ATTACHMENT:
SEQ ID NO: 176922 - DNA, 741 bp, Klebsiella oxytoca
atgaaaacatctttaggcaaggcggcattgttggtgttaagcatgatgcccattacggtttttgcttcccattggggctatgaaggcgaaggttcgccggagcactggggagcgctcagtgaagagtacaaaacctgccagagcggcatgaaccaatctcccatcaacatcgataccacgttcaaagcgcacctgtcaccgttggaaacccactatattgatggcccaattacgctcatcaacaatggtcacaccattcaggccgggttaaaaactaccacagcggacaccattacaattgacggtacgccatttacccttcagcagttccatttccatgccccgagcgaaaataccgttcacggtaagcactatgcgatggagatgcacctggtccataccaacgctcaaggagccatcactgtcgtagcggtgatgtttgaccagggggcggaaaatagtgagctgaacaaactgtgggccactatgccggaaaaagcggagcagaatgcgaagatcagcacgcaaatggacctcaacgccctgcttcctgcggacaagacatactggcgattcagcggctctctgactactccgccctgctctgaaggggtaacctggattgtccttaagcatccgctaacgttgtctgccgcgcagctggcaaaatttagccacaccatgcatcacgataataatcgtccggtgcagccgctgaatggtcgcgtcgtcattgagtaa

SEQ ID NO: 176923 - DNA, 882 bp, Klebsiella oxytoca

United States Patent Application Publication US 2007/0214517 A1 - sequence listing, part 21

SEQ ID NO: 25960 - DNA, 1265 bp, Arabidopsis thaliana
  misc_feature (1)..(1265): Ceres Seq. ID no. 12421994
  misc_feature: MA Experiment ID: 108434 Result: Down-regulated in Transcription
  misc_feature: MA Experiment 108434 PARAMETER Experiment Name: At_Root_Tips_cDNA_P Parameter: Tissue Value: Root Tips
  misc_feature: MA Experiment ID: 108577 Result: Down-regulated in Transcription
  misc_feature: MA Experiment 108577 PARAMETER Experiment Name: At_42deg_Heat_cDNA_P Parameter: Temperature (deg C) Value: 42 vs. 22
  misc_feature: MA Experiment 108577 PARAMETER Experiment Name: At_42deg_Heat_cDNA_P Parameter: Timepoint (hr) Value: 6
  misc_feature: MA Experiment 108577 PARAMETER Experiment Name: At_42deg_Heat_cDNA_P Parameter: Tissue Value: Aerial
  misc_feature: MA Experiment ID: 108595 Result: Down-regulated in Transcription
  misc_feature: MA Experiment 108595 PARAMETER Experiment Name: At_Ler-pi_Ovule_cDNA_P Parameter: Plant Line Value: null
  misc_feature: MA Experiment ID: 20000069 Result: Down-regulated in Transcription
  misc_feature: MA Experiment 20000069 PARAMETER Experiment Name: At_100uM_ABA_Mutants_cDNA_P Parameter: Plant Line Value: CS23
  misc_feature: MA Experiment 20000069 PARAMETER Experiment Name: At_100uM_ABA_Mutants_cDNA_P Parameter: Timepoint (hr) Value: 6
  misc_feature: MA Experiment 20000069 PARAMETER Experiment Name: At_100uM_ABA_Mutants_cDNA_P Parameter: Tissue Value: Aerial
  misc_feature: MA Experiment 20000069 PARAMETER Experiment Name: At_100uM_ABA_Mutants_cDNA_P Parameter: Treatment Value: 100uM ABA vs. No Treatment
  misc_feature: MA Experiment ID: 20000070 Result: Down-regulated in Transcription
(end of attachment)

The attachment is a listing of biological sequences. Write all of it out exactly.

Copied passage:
SEQ ID NO: 176922 - DNA, 741 bp, Klebsiella oxytoca
atgaaaacatctttaggcaaggcggcattgttggtgttaagcatgatgcccattacggtttttgcttcccattggggctatgaaggcgaaggttcgccggagcactggggagcgctcagtgaagagtacaaaacctgccagagcggcatgaaccaatctcccatcaacatcgataccacgttcaaagcgcacctgtcaccgttggaaacccactatattgatggcccaattacgctcatcaacaatggtcacaccattcaggccgggttaaaaactaccacagcggacaccattacaattgacggtacgccatttacccttcagcagttccatttccatgccccgagcgaaaataccgttcacggtaagcactatgcgatggagatgcacctggtccataccaacgctcaaggagccatcactgtcgtagcggtgatgtttgaccagggggcggaaaatagtgagctgaacaaactgtgggccactatgccggaaaaagcggagcagaatgcgaagatcagcacgcaaatggacctcaacgccctgcttcctgcggacaagacatactggcgattcagcggctctctgactactccgccctgctctgaaggggtaacctggattgtccttaagcatccgctaacgttgtctgccgcgcagctggcaaaatttagccacaccatgcatcacgataataatcgtccggtgcagccgctgaatggtcgcgtcgtcattgagtaa

SEQ ID NO: 176923 - DNA, 882 bp, Klebsiella oxytoca

United States Patent Application Publication US 2007/0214517 A1 - sequence listing, part 21

SEQ ID NO: 25960 - DNA, 1265 bp, Arabidopsis thaliana
  misc_feature (1)..(1265): Ceres Seq. ID no. 12421994
  misc_feature: MA Experiment ID: 108434 Result: Down-regulated in Transcription
  misc_feature: MA Experiment 108434 PARAMETER Experiment Name: At_Root_Tips_cDNA_P Parameter: Tissue Value: Root Tips
  misc_feature: MA Experiment ID: 108577 Result: Down-regulated in Transcription
  misc_feature: MA Experiment 108577 PARAMETER Experiment Name: At_42deg_Heat_cDNA_P Parameter: Temperature (deg C) Value: 42 vs. 22
  misc_feature: MA Experiment 108577 PARAMETER Experiment Name: At_42deg_Heat_cDNA_P Parameter: Timepoint (hr) Value: 6
  misc_feature: MA Experiment 108577 PARAMETER Experiment Name: At_42deg_Heat_cDNA_P Parameter: Tissue Value: Aerial
  misc_feature: MA Experiment ID: 108595 Result: Down-regulated in Transcription
  misc_feature: MA Experiment 108595 PARAMETER Experiment Name: At_Ler-pi_Ovule_cDNA_P Parameter: Plant Line Value: null
  misc_feature: MA Experiment ID: 20000069 Result: Down-regulated in Transcription
  misc_feature: MA Experiment 20000069 PARAMETER Experiment Name: At_100uM_ABA_Mutants_cDNA_P Parameter: Plant Line Value: CS23
  misc_feature: MA Experiment 20000069 PARAMETER Experiment Name: At_100uM_ABA_Mutants_cDNA_P Parameter: Timepoint (hr) Value: 6
  misc_feature: MA Experiment 20000069 PARAMETER Experiment Name: At_100uM_ABA_Mutants_cDNA_P Parameter: Tissue Value: Aerial
  misc_feature: MA Experiment 20000069 PARAMETER Experiment Name: At_100uM_ABA_Mutants_cDNA_P Parameter: Treatment Value: 100uM ABA vs. No Treatment
  misc_feature: MA Experiment ID: 20000070 Result: Down-regulated in Transcription